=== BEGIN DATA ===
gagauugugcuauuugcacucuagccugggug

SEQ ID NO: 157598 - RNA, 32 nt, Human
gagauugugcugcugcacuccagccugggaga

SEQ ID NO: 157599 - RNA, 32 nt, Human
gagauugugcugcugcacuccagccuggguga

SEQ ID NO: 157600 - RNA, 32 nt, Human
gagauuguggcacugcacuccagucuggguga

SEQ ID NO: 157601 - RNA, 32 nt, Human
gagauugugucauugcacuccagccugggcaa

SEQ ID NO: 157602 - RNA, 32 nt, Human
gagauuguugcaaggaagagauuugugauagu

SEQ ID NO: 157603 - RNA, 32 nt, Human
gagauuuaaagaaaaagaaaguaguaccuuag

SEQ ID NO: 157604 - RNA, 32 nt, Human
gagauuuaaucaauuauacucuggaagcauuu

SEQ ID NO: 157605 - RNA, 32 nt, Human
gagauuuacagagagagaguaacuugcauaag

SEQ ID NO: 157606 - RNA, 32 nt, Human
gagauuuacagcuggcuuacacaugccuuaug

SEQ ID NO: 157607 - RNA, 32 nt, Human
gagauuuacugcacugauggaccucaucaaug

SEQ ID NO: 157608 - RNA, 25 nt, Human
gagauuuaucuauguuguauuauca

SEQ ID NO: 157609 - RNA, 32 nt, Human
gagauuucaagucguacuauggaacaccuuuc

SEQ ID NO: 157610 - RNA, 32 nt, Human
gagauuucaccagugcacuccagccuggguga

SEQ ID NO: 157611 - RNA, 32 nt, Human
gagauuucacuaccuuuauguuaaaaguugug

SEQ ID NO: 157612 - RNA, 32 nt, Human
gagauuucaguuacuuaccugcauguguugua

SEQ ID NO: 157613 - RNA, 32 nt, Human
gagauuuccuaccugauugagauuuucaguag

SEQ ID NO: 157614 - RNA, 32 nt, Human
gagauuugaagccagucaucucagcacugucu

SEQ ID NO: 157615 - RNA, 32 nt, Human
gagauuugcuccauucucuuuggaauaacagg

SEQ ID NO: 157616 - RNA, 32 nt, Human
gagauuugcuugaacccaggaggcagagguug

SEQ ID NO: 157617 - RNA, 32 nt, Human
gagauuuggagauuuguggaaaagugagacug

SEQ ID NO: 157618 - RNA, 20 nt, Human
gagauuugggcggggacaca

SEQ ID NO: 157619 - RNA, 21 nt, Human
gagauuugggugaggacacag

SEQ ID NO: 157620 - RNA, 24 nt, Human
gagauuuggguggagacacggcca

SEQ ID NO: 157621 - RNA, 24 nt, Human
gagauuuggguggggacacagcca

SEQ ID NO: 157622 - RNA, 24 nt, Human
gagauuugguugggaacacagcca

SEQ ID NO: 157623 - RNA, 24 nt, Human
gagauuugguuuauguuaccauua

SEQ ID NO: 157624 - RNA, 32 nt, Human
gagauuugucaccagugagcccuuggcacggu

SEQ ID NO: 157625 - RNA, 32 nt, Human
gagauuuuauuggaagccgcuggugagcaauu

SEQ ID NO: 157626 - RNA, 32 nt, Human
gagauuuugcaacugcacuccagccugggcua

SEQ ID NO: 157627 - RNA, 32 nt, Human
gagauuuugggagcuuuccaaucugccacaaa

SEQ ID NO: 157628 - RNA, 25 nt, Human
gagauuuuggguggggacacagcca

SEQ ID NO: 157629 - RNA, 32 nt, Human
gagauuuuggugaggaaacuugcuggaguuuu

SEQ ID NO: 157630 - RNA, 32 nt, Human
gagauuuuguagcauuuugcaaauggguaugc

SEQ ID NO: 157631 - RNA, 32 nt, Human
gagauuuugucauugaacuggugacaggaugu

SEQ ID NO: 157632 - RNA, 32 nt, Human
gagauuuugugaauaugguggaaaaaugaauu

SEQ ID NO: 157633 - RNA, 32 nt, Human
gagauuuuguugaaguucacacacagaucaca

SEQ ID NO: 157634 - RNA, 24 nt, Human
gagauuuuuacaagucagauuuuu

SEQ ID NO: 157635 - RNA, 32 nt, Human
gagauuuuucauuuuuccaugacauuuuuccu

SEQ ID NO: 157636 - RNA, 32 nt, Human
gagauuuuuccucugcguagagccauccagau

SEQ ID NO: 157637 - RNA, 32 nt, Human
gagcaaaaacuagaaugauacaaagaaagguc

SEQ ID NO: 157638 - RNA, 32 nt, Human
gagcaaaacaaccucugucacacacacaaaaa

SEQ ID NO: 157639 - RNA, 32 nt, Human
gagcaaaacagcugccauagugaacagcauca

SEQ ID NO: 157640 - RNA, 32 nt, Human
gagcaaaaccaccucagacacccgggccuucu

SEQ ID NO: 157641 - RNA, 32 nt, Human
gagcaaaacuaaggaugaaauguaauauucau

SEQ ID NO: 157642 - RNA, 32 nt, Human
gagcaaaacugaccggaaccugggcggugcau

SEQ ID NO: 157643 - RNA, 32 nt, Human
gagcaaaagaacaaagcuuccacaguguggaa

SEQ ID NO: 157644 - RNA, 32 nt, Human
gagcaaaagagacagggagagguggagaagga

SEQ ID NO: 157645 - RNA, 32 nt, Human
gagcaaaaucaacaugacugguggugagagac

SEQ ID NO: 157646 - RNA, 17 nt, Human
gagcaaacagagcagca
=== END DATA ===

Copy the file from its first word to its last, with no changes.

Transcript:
gagauugugcuauuugcacucuagccugggug

SEQ ID NO: 157598 - RNA, 32 nt, Human
gagauugugcugcugcacuccagccugggaga

SEQ ID NO: 157599 - RNA, 32 nt, Human
gagauugugcugcugcacuccagccuggguga

SEQ ID NO: 157600 - RNA, 32 nt, Human
gagauuguggcacugcacuccagucuggguga

SEQ ID NO: 157601 - RNA, 32 nt, Human
gagauugugucauugcacuccagccugggcaa

SEQ ID NO: 157602 - RNA, 32 nt, Human
gagauuguugcaaggaagagauuugugauagu

SEQ ID NO: 157603 - RNA, 32 nt, Human
gagauuuaaagaaaaagaaaguaguaccuuag

SEQ ID NO: 157604 - RNA, 32 nt, Human
gagauuuaaucaauuauacucuggaagcauuu

SEQ ID NO: 157605 - RNA, 32 nt, Human
gagauuuacagagagagaguaacuugcauaag

SEQ ID NO: 157606 - RNA, 32 nt, Human
gagauuuacagcuggcuuacacaugccuuaug

SEQ ID NO: 157607 - RNA, 32 nt, Human
gagauuuacugcacugauggaccucaucaaug

SEQ ID NO: 157608 - RNA, 25 nt, Human
gagauuuaucuauguuguauuauca

SEQ ID NO: 157609 - RNA, 32 nt, Human
gagauuucaagucguacuauggaacaccuuuc

SEQ ID NO: 157610 - RNA, 32 nt, Human
gagauuucaccagugcacuccagccuggguga

SEQ ID NO: 157611 - RNA, 32 nt, Human
gagauuucacuaccuuuauguuaaaaguugug

SEQ ID NO: 157612 - RNA, 32 nt, Human
gagauuucaguuacuuaccugcauguguugua

SEQ ID NO: 157613 - RNA, 32 nt, Human
gagauuuccuaccugauugagauuuucaguag

SEQ ID NO: 157614 - RNA, 32 nt, Human
gagauuugaagccagucaucucagcacugucu

SEQ ID NO: 157615 - RNA, 32 nt, Human
gagauuugcuccauucucuuuggaauaacagg

SEQ ID NO: 157616 - RNA, 32 nt, Human
gagauuugcuugaacccaggaggcagagguug

SEQ ID NO: 157617 - RNA, 32 nt, Human
gagauuuggagauuuguggaaaagugagacug

SEQ ID NO: 157618 - RNA, 20 nt, Human
gagauuugggcggggacaca

SEQ ID NO: 157619 - RNA, 21 nt, Human
gagauuugggugaggacacag

SEQ ID NO: 157620 - RNA, 24 nt, Human
gagauuuggguggagacacggcca

SEQ ID NO: 157621 - RNA, 24 nt, Human
gagauuuggguggggacacagcca

SEQ ID NO: 157622 - RNA, 24 nt, Human
gagauuugguugggaacacagcca

SEQ ID NO: 157623 - RNA, 24 nt, Human
gagauuugguuuauguuaccauua

SEQ ID NO: 157624 - RNA, 32 nt, Human
gagauuugucaccagugagcccuuggcacggu

SEQ ID NO: 157625 - RNA, 32 nt, Human
gagauuuuauuggaagccgcuggugagcaauu

SEQ ID NO: 157626 - RNA, 32 nt, Human
gagauuuugcaacugcacuccagccugggcua

SEQ ID NO: 157627 - RNA, 32 nt, Human
gagauuuugggagcuuuccaaucugccacaaa

SEQ ID NO: 157628 - RNA, 25 nt, Human
gagauuuuggguggggacacagcca

SEQ ID NO: 157629 - RNA, 32 nt, Human
gagauuuuggugaggaaacuugcuggaguuuu

SEQ ID NO: 157630 - RNA, 32 nt, Human
gagauuuuguagcauuuugcaaauggguaugc

SEQ ID NO: 157631 - RNA, 32 nt, Human
gagauuuugucauugaacuggugacaggaugu

SEQ ID NO: 157632 - RNA, 32 nt, Human
gagauuuugugaauaugguggaaaaaugaauu

SEQ ID NO: 157633 - RNA, 32 nt, Human
gagauuuuguugaaguucacacacagaucaca

SEQ ID NO: 157634 - RNA, 24 nt, Human
gagauuuuuacaagucagauuuuu

SEQ ID NO: 157635 - RNA, 32 nt, Human
gagauuuuucauuuuuccaugacauuuuuccu

SEQ ID NO: 157636 - RNA, 32 nt, Human
gagauuuuuccucugcguagagccauccagau

SEQ ID NO: 157637 - RNA, 32 nt, Human
gagcaaaaacuagaaugauacaaagaaagguc

SEQ ID NO: 157638 - RNA, 32 nt, Human
gagcaaaacaaccucugucacacacacaaaaa

SEQ ID NO: 157639 - RNA, 32 nt, Human
gagcaaaacagcugccauagugaacagcauca

SEQ ID NO: 157640 - RNA, 32 nt, Human
gagcaaaaccaccucagacacccgggccuucu

SEQ ID NO: 157641 - RNA, 32 nt, Human
gagcaaaacuaaggaugaaauguaauauucau

SEQ ID NO: 157642 - RNA, 32 nt, Human
gagcaaaacugaccggaaccugggcggugcau

SEQ ID NO: 157643 - RNA, 32 nt, Human
gagcaaaagaacaaagcuuccacaguguggaa

SEQ ID NO: 157644 - RNA, 32 nt, Human
gagcaaaagagacagggagagguggagaagga

SEQ ID NO: 157645 - RNA, 32 nt, Human
gagcaaaaucaacaugacugguggugagagac

SEQ ID NO: 157646 - RNA, 17 nt, Human
gagcaaacagagcagca